January 3, 2013
After reading Bill Buxton’s Sketching User Experiences: Getting the Design Right and the Right Design I was inspired to try capturing interactions in sketch form. While Buxton recommends this technique to convey design concepts, I’ve been using it as a diagnostic tool – capturing the “as is” interactions derived from user research. Below are some quick sketches I made after conducting contextual interviews with therapists. I believe that these simple sketches convey a lot about how technology in a therapy session informs the interactions between therapist and patient. Yet the sketches take less time than searching for words to describe an interaction.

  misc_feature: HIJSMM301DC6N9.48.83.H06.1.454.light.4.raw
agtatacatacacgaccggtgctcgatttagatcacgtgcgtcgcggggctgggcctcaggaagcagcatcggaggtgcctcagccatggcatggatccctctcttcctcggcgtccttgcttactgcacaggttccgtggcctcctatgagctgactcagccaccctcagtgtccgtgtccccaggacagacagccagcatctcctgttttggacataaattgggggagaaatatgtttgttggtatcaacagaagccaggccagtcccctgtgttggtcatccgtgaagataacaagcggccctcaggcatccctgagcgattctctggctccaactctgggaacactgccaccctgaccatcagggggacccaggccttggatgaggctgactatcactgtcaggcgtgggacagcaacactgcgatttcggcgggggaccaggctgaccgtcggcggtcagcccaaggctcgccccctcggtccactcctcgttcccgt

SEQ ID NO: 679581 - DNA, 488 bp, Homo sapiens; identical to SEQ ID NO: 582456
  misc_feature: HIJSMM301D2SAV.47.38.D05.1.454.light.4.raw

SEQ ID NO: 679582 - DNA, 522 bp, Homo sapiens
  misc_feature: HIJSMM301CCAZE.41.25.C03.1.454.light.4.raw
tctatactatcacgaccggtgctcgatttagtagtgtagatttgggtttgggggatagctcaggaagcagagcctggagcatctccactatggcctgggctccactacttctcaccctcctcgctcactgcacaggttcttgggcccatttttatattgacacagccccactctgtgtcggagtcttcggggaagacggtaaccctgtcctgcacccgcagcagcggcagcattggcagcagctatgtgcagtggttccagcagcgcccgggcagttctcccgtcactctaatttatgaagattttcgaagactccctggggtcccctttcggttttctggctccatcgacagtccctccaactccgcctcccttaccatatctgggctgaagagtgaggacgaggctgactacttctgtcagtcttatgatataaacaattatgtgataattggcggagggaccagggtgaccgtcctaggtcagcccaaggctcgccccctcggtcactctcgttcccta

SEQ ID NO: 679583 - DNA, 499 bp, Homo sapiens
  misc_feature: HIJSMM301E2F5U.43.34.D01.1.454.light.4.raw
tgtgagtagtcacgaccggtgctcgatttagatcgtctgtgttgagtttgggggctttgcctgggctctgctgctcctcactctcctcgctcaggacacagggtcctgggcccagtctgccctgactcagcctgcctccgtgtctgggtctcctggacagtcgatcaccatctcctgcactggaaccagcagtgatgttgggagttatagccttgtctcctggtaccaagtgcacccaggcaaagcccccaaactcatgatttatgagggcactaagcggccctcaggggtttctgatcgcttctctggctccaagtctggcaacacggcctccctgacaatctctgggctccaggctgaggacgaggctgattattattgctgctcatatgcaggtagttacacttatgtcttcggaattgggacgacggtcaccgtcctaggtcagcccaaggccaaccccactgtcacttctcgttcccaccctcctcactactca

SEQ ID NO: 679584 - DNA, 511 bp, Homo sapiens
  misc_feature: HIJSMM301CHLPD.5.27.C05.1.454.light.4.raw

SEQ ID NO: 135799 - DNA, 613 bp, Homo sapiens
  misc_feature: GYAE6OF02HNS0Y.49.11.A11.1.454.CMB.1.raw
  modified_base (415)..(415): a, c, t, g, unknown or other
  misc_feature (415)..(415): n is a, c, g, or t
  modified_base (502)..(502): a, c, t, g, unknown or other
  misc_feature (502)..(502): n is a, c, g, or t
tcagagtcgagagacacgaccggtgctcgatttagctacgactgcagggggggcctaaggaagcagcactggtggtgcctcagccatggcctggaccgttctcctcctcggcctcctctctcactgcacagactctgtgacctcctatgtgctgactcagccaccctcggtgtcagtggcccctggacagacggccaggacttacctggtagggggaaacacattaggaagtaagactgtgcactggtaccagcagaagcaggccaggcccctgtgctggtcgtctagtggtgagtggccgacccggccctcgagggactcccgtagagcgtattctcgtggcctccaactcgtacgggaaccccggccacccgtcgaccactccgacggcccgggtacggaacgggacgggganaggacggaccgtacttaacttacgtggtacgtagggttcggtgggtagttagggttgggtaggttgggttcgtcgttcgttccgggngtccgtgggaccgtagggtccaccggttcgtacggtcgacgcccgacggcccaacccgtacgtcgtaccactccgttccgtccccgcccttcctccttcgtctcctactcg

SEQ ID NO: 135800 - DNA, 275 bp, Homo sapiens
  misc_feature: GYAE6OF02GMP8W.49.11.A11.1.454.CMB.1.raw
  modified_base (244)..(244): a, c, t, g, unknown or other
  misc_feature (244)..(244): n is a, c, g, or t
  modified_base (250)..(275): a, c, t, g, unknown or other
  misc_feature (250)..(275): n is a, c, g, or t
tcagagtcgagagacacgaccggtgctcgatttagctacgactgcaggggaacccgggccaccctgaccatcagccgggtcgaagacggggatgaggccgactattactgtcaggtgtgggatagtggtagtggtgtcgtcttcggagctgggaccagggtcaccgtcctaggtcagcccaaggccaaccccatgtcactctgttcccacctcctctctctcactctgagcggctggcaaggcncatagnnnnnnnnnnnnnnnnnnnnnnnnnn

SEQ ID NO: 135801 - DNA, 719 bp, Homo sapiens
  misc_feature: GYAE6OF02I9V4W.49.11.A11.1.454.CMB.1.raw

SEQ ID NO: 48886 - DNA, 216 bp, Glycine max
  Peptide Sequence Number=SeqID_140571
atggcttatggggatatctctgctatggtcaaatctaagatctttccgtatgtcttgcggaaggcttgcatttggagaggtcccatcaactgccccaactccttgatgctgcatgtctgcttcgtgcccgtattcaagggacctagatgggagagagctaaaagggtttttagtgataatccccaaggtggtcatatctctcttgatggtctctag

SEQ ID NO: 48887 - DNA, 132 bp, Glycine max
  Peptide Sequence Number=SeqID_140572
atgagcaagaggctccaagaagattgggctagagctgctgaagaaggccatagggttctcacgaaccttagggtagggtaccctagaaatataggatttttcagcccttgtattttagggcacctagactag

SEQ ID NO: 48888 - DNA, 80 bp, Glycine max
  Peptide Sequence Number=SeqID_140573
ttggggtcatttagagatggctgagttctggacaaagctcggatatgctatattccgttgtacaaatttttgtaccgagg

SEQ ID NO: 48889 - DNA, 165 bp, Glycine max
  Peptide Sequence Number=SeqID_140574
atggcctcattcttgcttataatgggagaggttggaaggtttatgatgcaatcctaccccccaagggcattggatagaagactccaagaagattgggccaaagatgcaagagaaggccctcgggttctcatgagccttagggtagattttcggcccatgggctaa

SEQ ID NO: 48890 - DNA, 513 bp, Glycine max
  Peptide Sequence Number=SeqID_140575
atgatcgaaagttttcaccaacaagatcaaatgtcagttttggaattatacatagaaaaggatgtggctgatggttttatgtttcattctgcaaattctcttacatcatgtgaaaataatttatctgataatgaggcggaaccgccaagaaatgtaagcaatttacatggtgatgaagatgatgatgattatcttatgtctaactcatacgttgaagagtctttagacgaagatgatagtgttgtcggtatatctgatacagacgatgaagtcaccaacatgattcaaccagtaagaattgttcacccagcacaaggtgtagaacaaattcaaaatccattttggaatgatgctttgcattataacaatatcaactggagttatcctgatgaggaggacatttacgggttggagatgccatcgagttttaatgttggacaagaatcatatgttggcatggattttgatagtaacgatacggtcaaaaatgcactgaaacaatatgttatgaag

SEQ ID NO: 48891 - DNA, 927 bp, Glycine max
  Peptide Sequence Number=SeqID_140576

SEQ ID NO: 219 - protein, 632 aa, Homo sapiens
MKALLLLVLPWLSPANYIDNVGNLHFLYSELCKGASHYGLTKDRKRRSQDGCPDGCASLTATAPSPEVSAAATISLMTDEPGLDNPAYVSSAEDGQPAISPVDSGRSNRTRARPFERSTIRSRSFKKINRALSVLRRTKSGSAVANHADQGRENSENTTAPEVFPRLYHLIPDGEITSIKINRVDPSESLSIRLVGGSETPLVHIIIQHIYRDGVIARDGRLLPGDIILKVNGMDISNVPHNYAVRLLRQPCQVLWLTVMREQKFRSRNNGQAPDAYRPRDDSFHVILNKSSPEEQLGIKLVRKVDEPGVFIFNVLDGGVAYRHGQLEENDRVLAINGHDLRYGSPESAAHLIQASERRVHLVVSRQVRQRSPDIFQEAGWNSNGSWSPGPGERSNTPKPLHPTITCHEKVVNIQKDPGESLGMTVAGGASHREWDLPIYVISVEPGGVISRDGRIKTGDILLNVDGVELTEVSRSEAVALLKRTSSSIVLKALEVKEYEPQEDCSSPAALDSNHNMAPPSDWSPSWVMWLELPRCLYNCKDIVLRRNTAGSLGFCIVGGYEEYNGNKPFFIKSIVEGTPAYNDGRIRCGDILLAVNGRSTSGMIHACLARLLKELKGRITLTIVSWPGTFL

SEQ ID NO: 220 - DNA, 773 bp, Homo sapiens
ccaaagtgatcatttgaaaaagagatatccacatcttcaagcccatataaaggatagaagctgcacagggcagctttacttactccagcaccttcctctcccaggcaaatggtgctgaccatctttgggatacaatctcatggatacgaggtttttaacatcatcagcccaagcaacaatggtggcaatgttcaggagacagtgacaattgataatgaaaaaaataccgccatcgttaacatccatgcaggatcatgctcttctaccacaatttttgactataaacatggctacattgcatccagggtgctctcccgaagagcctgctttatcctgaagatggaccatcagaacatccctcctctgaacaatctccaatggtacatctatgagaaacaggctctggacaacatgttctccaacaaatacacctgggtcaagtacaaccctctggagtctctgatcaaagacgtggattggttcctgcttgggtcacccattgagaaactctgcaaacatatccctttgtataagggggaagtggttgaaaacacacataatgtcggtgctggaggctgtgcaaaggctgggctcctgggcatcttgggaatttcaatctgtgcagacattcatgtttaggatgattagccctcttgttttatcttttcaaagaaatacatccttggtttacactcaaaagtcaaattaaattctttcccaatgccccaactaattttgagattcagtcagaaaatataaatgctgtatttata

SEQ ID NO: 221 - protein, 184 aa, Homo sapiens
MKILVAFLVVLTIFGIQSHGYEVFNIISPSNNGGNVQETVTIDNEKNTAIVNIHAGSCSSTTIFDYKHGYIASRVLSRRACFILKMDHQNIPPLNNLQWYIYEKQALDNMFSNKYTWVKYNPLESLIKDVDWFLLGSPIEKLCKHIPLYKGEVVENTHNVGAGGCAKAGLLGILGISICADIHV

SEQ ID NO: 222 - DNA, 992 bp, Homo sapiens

As you can see, my scribbles are far from artistic, but they do the job of conveying both desirable and problematic interactions. This technique really is within anyone’s reach. If you want a confidence booster, warm up by spending an afternoon with Dan Roam’s Back of the Napkin. Roam makes sketching as a communication tool seem approachable even for those us who don’t identify as visual communicators.
Methods Madness, Projects, User Experience
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